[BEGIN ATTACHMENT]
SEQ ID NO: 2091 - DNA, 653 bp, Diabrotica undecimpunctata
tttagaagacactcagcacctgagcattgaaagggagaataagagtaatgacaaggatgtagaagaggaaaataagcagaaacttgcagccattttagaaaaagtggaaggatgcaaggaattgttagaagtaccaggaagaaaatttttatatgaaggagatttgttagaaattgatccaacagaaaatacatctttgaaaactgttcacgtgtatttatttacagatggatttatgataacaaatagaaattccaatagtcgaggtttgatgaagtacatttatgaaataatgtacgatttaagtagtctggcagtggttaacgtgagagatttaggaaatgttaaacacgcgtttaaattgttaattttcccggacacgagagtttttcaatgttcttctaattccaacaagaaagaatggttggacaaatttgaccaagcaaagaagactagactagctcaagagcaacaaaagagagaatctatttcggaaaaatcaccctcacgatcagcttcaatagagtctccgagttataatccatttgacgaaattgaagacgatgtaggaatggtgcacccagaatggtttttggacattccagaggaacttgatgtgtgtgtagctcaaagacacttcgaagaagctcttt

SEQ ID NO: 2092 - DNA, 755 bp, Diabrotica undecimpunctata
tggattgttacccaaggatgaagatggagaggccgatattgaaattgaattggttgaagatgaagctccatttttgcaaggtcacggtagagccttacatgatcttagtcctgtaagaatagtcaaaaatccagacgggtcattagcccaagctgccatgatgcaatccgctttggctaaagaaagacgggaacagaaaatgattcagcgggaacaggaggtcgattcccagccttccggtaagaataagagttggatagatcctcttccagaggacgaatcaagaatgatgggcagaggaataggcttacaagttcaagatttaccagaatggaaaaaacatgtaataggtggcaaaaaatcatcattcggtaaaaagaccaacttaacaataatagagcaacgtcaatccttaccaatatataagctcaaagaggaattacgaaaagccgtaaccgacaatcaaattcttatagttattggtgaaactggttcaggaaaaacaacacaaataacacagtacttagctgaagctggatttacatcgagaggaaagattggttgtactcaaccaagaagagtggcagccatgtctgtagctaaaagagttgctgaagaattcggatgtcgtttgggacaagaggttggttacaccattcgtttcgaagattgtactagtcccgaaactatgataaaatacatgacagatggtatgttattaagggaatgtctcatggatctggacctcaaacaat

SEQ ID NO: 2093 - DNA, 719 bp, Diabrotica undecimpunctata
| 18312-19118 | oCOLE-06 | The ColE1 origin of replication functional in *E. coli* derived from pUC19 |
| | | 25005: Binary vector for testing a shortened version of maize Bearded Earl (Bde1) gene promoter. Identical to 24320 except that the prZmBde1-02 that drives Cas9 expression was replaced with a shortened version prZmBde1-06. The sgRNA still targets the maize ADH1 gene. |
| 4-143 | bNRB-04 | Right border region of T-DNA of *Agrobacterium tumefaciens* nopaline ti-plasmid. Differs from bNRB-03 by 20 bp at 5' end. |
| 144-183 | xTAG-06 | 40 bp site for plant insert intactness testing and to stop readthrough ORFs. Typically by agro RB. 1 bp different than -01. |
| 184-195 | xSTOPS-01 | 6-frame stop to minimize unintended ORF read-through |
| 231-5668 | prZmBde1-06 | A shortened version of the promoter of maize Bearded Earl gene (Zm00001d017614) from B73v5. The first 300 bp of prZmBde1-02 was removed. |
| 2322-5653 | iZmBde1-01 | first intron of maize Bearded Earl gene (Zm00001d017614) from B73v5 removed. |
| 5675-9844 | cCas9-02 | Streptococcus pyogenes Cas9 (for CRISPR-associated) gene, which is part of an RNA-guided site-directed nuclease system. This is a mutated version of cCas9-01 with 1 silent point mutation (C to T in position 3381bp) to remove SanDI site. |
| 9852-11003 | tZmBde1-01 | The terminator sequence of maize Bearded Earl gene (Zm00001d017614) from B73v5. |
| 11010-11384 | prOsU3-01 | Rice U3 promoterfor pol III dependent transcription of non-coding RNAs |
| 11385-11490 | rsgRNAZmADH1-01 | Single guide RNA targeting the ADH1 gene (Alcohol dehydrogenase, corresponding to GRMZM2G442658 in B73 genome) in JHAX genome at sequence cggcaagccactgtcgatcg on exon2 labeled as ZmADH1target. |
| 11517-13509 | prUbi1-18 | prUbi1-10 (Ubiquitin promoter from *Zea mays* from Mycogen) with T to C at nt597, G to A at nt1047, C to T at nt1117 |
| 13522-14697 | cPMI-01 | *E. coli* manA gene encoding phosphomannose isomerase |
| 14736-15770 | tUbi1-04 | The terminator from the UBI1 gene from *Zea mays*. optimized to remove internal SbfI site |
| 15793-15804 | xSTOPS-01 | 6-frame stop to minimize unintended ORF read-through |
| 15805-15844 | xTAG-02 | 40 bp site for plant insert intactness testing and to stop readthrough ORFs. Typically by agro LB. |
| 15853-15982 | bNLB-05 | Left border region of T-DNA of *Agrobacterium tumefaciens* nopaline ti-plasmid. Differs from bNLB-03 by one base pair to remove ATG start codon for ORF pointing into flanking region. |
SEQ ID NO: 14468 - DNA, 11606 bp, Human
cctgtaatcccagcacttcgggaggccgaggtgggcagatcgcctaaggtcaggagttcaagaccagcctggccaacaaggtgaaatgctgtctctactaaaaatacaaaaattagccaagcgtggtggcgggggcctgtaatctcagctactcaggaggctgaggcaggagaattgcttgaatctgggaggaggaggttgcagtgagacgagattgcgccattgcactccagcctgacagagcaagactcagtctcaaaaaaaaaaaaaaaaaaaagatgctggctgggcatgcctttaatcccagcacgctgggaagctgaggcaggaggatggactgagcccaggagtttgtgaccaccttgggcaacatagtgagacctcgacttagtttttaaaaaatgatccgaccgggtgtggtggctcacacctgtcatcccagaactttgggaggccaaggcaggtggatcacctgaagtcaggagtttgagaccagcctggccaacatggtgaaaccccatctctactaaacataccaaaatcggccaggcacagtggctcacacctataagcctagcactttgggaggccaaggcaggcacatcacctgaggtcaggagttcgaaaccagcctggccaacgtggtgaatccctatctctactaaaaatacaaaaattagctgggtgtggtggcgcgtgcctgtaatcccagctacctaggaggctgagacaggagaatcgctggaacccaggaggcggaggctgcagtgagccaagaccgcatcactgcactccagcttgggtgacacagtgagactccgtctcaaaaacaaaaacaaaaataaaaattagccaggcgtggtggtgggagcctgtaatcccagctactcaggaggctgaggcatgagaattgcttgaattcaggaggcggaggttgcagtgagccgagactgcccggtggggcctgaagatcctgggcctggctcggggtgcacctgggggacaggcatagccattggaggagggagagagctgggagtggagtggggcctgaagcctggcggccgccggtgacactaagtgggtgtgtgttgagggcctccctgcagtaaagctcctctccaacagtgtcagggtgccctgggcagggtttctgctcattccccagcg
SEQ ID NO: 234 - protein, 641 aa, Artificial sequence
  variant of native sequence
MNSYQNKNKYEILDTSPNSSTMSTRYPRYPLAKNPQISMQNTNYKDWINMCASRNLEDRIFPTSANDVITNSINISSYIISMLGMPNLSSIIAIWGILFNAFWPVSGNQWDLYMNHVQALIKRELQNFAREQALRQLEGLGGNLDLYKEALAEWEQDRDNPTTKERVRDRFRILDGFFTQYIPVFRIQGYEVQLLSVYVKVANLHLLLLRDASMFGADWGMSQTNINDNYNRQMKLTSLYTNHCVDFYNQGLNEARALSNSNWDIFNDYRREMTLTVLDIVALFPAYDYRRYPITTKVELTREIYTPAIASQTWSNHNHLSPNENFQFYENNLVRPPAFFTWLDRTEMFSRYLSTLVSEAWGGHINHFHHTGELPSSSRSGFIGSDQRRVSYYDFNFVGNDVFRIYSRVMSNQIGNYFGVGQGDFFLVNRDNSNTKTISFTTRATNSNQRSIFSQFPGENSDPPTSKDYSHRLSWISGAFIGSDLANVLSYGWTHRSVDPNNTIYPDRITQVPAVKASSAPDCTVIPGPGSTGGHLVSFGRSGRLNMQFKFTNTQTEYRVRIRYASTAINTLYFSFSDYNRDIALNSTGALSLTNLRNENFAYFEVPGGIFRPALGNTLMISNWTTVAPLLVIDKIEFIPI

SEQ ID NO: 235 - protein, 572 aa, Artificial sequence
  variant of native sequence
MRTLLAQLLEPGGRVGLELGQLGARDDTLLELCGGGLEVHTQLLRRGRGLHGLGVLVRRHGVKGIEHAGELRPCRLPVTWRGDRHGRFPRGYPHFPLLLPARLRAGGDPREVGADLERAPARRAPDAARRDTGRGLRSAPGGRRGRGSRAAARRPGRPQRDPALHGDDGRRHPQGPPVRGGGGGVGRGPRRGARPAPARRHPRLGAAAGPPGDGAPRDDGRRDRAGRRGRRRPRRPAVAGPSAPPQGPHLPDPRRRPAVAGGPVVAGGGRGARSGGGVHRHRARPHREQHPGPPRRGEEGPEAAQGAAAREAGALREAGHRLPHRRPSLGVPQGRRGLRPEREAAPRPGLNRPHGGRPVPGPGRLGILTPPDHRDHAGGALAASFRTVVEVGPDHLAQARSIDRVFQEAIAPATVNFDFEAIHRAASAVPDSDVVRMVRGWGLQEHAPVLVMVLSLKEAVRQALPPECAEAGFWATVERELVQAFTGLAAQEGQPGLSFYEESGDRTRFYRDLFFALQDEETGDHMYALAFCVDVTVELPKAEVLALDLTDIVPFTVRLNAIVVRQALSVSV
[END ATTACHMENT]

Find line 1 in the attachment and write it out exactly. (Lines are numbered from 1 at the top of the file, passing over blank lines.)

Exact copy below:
SEQ ID NO: 2091 - DNA, 653 bp, Diabrotica undecimpunctata